jeremy zawodny had a great post covering a piece by robert young on the dilemma and internal battle faced inside companies like yahoo in deciding how far to go in handing control over to their communities…
I’ve got one foot inside the company and the other firmly planted in the community. The two are often at odds and, more often than not, I side with the community.
This makes some people at Yahoo very unhappy, but I really believe that it’s in the best interest of Yahoo. I’m not doing it just to be a pain in the ass. Some people are really good at running a business. I like to think that I do a decent job of representing community interests when I try to do so. And making sure the community is heard loud and clear inside the company walls helps keep us honest. That’s why I say many of the things you read here.
The two camps need to better understand each other…. somehow.
The transition from the old way to the new is not easy, but we’re making real progress. Some groups are getting their heads around it faster than others. Having the Flickr folks in the Yahoo family helps. Flickr is all about community. The same goes for Chad, Danah, Alex, and many of the others who’ve joined Yahoo this year, either through acquisition or relentless pursuit of them. The more community-minded folks we hire, acquire, and breed, the better off we are in this brave new world. There will be more before this year is over.
and robert young writes…
It won’t be the corporation that locks its customers into a walled garden any more; instead, it will be the people themselves who create their own high switching costs. For instance, if you are an eBay seller, your switching cost is not so much the relationship you’ve created with eBay itself and the store you set up, it’s the reputation and trust you spent years building with fellow members of the community. Similarly, if you are a member of MySpace, it’s not the web-page and blog you spent time constructing, it’s your social network of cyber-friends you’ve cultivated and accumulated over time.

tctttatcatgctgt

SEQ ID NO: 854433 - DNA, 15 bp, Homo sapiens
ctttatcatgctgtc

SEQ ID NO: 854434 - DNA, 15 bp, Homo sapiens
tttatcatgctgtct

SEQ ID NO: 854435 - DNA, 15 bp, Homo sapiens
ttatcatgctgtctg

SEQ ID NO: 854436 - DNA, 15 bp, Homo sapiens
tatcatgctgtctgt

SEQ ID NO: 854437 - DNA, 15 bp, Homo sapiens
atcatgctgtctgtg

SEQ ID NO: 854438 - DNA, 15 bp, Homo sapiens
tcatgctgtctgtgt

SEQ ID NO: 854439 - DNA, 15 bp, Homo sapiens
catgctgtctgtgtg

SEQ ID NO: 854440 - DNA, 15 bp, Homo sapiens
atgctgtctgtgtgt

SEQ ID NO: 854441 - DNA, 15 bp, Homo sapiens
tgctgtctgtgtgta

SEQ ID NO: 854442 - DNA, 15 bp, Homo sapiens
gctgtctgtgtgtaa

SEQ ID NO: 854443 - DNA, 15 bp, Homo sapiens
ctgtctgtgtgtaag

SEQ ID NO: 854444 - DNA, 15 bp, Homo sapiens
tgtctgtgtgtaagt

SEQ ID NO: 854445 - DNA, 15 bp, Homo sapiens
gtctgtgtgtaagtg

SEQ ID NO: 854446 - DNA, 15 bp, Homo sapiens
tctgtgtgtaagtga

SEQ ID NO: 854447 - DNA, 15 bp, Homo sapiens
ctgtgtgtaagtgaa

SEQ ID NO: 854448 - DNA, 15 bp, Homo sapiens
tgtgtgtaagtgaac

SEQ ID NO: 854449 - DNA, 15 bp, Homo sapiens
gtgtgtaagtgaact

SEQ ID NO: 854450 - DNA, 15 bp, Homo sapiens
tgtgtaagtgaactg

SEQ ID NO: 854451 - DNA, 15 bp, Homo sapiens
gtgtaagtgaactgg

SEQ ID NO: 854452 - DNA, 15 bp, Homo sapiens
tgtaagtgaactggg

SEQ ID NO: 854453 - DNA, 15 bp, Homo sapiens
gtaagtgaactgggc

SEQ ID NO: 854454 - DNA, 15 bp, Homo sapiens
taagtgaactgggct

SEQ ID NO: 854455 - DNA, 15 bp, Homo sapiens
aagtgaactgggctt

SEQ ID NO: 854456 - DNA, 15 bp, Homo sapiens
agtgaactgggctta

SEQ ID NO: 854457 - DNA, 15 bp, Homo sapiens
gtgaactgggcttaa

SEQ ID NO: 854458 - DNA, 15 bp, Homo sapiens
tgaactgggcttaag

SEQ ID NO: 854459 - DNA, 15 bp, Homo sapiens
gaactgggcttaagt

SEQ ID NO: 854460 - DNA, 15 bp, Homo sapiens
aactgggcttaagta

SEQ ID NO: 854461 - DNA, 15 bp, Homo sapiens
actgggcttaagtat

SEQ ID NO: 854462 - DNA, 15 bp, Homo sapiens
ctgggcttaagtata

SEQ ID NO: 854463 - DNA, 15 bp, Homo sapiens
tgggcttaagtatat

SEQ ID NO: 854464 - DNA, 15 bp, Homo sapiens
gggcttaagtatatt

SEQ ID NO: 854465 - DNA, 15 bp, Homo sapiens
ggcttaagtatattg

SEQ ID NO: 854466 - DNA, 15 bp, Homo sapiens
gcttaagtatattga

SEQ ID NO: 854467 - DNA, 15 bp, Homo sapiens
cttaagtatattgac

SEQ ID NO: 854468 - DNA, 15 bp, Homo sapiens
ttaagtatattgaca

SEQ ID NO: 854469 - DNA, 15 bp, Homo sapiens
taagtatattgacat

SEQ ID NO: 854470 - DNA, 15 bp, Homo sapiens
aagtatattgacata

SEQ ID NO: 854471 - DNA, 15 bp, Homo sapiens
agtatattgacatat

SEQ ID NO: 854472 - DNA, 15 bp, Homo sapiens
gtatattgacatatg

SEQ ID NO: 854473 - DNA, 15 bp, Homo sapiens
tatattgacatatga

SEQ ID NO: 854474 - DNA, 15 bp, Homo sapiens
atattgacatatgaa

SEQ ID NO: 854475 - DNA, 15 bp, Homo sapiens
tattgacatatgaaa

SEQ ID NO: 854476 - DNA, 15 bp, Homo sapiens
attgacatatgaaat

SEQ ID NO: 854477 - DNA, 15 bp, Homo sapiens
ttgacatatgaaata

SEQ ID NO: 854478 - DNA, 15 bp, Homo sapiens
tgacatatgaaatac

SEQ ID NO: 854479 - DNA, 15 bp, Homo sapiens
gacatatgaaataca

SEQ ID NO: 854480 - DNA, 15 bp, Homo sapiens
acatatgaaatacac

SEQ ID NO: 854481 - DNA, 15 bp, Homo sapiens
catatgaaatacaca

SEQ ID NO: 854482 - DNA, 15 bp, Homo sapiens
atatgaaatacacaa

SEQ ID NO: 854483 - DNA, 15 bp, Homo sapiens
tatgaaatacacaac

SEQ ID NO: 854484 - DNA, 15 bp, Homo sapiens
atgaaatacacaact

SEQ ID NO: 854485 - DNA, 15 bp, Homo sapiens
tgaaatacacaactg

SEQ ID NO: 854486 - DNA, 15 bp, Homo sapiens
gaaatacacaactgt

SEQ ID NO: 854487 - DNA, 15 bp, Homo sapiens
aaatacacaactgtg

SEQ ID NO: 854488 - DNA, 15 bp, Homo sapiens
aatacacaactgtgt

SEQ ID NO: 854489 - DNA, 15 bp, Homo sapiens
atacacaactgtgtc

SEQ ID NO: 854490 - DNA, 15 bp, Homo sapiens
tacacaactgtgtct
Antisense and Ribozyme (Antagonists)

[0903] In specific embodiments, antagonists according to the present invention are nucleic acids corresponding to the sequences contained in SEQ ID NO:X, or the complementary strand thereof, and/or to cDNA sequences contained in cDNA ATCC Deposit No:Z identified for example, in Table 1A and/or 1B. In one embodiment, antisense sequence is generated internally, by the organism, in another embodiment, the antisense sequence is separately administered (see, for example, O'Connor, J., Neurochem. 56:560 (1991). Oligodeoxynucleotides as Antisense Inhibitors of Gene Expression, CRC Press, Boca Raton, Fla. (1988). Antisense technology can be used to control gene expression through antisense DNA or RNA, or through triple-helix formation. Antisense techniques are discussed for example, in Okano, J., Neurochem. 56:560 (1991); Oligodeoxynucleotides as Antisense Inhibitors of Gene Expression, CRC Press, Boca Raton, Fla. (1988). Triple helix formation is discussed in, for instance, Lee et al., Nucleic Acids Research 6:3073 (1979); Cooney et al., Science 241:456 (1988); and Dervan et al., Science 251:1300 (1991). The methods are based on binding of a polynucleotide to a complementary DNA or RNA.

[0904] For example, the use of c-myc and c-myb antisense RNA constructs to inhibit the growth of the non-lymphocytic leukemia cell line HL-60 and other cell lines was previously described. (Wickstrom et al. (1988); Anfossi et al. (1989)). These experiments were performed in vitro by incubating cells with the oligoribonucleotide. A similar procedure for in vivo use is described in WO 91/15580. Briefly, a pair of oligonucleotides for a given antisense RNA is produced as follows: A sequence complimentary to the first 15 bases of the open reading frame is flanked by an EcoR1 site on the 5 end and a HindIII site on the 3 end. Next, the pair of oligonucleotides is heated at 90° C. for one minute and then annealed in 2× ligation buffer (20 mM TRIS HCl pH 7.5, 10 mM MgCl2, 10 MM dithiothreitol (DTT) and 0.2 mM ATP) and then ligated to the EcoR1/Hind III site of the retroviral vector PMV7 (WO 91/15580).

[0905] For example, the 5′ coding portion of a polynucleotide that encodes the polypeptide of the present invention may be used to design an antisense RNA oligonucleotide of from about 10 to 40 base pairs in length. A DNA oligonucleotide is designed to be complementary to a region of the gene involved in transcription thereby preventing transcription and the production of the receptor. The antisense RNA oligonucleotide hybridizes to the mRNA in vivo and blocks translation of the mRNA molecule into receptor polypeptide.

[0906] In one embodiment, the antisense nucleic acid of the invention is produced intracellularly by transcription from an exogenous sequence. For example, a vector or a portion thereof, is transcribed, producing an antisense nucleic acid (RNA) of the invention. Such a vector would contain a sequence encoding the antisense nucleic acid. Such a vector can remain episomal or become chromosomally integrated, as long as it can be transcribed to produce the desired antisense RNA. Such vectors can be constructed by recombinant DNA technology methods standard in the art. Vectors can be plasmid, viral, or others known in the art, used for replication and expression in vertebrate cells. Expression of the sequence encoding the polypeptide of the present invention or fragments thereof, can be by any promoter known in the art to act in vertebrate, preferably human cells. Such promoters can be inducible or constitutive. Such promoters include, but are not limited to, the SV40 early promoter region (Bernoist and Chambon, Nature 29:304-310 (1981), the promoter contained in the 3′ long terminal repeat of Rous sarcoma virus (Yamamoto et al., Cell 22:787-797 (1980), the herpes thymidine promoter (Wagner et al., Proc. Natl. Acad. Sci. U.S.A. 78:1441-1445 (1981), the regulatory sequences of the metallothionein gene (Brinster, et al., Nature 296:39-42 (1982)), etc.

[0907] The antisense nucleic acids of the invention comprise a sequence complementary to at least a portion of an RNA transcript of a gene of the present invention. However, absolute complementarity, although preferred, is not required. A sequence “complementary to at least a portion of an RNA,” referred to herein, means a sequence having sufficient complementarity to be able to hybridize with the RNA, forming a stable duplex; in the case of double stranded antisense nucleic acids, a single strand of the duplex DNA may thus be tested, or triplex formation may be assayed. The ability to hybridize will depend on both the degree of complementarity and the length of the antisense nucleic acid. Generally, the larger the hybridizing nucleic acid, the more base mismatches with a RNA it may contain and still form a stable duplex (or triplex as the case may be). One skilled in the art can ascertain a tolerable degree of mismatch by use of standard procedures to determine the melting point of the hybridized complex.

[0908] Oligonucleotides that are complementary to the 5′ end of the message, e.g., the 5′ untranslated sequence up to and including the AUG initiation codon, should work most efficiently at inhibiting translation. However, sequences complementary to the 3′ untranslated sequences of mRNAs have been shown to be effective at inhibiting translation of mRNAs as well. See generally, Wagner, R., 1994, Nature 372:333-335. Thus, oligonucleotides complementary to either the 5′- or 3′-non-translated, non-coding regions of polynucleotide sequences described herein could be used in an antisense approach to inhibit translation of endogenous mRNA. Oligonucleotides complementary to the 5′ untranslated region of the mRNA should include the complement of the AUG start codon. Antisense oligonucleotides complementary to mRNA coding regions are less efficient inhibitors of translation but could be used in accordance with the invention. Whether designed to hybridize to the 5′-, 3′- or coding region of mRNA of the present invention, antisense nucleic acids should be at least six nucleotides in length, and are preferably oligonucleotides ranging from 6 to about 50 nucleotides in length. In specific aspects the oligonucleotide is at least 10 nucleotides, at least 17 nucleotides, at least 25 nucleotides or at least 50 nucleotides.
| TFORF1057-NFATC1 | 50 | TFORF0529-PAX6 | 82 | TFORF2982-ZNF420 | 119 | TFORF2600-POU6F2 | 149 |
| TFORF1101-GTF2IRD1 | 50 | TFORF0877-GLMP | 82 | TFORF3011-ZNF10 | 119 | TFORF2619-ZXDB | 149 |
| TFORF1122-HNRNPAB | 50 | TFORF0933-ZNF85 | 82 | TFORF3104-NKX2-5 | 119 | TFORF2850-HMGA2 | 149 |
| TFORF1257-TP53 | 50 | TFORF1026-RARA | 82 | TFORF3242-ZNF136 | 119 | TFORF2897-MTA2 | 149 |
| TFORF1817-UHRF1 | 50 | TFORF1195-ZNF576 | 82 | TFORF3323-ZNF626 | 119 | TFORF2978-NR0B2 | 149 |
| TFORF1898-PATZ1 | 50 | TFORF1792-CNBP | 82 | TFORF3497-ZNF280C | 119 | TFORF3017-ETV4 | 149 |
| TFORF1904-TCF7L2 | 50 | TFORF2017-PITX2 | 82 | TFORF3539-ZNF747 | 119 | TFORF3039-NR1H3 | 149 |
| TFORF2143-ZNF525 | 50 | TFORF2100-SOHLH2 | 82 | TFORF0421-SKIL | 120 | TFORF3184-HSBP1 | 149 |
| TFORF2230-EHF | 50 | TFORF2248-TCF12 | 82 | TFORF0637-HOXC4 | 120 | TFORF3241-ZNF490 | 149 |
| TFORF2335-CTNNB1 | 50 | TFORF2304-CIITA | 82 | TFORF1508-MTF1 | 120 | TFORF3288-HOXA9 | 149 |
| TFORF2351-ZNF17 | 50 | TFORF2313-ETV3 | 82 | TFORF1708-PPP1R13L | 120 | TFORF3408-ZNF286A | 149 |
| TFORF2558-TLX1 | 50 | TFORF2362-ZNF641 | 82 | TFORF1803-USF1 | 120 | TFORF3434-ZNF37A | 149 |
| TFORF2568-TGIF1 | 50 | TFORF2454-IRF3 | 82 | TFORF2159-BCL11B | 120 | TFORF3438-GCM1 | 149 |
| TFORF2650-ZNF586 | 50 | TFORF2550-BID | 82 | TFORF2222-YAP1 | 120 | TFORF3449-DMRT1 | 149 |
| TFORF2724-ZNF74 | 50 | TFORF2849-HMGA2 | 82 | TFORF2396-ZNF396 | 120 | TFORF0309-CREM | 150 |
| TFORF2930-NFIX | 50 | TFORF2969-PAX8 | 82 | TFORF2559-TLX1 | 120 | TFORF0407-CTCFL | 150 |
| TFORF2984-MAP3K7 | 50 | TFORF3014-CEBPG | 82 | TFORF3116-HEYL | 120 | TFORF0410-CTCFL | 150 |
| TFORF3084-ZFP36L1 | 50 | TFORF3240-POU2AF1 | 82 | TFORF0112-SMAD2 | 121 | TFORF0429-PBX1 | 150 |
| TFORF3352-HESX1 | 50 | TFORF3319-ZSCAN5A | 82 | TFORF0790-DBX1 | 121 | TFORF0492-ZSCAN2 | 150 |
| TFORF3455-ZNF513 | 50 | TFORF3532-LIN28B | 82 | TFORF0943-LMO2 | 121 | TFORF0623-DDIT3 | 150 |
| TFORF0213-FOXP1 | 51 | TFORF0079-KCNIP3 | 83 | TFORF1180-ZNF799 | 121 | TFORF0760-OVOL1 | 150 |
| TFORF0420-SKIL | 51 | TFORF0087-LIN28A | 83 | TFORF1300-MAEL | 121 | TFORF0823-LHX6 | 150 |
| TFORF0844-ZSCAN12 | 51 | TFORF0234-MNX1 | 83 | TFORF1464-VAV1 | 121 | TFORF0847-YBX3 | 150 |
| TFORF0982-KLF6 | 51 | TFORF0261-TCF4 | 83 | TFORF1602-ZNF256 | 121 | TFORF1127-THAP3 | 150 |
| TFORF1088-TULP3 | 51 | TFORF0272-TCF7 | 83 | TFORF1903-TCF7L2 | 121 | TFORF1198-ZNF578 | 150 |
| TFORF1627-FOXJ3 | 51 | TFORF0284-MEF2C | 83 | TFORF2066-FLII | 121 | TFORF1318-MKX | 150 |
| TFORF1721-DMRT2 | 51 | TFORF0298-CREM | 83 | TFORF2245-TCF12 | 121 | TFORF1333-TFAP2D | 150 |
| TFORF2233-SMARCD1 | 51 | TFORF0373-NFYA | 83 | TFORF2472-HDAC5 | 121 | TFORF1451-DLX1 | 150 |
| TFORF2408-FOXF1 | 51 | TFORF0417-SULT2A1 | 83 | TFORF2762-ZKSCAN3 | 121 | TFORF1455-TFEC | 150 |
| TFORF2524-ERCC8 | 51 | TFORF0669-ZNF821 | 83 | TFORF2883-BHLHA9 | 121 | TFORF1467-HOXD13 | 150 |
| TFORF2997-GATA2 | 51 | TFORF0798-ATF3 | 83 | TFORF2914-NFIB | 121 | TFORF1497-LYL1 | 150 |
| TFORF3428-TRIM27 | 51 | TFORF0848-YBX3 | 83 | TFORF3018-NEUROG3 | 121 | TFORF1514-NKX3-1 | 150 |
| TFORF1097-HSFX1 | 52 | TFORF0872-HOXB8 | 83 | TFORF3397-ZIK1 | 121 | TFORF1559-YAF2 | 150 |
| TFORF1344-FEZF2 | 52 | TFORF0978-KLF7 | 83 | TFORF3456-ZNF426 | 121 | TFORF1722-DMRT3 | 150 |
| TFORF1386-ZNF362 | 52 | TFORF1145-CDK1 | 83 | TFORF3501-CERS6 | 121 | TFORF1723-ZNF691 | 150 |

At the end, the lesson is one of a paradox. As the power shifts increasingly towards community, the corporation loses its grip on the traditional means of control. Yet, by letting go of control, the corporation creates an environment where the community willingly creates its own switching costs. Such changing market behavior, which is structural and permanent for any industry being usurped by the Internet, must be met with a corresponding shift in corporate mindset. Otherwise, a “generation gap” will exist between the members of management themselves (old vs. new media), as well as the company and its market. In my view, if there is one company that seems to grok such dynamics better than anyone, and is in the process of executing superbly against these new set of challenges, it’s Yahoo!
i totally agree with this concept. this has been an issue at tribe since its founding. i would love to start a community site where the community has a much bigger role in deciding its fate. i do believe this is part of the brilliance of craigslist. craig is fanatical about listenting to the community both so he doesnt fuck up and so they trust they are partially in control. what’s hard is that often a small part of the community is most vocal while the silent majority is too busy to bother. tribe made some big mistakes over the past couple of years by focusing at times more on business model than user love. the lesson from web 1.0 was that user love alone didnt make successful companies. in the first chapter of web 2.0 companies like myspace seem to be proving the opposite as that company has had little success in getting high ad rates or monetization per member, but such massive success on uniques and page views it doesnt seem to matter.